It was the first Intel Celeron processors clocked at 266MHz that took the overclocking world to new levels. In the past, being able to attain a 50% increase in clock speed through overclocking was unheard of; however the maturing of Intel's manufacturing processes as well as the deliberately low clocking of the Celeron parts resulted in a performance gold mine for enthusiasts.

Unfortunately it is only the first iteration of a new Celeron core that actually promises this sort of overclocking potential. In order to understand why, you have to understand the Intel methodology for applying a single microprocessor architecture to multiple market segments. Let's take the Celeron in particular; once a higher end desktop core has been in production for a significant amount of time and yields have reached a certain level, Intel readies the core for use in the Celeron line. The core isn't simply branded as a Celeron without any modifications, generally speaking Intel performs one or more of the following alterations to the core:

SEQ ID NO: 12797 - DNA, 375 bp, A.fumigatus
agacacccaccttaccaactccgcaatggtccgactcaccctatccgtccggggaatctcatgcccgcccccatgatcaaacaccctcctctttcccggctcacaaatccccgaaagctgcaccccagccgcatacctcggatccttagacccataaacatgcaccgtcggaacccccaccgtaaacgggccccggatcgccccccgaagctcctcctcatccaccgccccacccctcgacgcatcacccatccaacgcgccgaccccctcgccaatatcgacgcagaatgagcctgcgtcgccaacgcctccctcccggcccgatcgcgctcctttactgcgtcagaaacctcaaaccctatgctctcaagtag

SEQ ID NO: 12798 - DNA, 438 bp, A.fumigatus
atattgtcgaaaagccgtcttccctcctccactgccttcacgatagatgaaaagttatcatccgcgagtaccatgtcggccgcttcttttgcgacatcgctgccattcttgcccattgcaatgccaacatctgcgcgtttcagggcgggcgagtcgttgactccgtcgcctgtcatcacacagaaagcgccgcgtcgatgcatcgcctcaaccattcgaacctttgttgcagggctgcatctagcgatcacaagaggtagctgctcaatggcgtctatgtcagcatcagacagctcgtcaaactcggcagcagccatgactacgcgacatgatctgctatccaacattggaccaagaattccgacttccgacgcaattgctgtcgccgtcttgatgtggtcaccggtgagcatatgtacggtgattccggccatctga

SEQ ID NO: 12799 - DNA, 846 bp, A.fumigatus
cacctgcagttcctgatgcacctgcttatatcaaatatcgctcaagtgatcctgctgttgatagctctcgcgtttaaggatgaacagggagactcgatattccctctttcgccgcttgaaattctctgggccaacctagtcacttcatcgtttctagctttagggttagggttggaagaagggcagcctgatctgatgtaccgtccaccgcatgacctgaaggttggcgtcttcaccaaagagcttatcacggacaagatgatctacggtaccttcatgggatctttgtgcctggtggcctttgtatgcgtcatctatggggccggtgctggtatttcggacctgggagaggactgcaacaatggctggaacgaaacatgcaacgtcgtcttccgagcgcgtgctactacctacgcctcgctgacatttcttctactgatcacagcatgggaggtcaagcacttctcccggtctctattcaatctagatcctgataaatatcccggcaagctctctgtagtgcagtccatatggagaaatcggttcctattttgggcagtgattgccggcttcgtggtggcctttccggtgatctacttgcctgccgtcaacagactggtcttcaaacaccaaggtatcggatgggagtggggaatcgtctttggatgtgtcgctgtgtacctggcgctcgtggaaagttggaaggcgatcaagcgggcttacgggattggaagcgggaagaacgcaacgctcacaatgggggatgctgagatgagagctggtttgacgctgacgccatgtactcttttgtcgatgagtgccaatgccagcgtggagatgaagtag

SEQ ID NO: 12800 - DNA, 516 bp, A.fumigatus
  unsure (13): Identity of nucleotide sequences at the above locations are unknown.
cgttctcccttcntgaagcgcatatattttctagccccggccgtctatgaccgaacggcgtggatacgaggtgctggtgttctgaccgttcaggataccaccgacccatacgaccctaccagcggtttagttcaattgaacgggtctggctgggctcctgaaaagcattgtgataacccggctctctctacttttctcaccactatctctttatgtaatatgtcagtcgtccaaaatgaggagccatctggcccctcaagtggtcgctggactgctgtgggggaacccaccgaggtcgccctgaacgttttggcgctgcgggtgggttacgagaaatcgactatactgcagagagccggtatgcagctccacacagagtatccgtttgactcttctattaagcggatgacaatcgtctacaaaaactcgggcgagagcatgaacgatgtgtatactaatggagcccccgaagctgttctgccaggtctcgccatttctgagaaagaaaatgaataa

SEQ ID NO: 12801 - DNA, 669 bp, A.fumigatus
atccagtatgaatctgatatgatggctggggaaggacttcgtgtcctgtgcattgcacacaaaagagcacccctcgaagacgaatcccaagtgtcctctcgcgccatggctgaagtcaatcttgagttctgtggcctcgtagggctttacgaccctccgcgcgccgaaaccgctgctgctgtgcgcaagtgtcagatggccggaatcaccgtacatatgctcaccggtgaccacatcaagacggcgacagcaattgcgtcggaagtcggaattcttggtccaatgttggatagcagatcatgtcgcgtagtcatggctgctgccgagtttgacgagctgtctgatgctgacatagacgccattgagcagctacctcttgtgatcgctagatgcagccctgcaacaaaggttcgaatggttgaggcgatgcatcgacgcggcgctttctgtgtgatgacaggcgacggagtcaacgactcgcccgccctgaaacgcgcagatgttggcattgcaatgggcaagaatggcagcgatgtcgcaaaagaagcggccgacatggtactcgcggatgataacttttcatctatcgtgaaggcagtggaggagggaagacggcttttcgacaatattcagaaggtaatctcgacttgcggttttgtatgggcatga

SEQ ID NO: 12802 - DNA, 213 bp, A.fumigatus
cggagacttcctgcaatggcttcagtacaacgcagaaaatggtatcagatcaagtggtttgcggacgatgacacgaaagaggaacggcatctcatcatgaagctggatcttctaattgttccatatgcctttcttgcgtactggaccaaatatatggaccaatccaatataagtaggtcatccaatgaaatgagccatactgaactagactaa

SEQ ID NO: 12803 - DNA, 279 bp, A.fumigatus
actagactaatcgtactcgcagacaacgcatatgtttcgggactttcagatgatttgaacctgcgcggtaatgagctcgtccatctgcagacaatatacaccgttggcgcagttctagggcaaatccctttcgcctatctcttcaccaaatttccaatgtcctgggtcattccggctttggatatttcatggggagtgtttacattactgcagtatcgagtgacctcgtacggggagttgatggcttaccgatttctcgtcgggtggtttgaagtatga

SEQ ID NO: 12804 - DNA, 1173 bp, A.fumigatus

- Lower L2 cache size/speed
- Lower core clock speed
- Lower FSB frequency

The beauty of this method for overclockers however is that in the event that Intel limits the core by reducing its clock and/or FSB frequency then the chips are almost guaranteed overclockers to higher levels. For example, when the first Celeron 266MHz processors hit the streets they could easily overclock to 400MHz just by increasing the FSB frequency from 66MHz to the 100MHz frequency of their Pentium II counterparts. Since the cores were relatively similar, it wasn't asking too much of the Celerons to run at the higher clock speed.

While we don't normally cover Intel's Celeron line, whenever there's an introduction of a new Celeron core we're here to exploit it's overclockability. Today Intel is introducing the first Celeron processors based on a Pentium 4-derived core on a 0.18-micron manufacturing process. The use of the 0.18-micron manufacturing process is a bit puzzling (you'll understand why later) but the end result is that an overclocked Celeron could easily become a poor man's Pentium 4.

Let's find out a bit more about the architecture of the chip before diving into a performance investigation, shall we?

Half a Willamette
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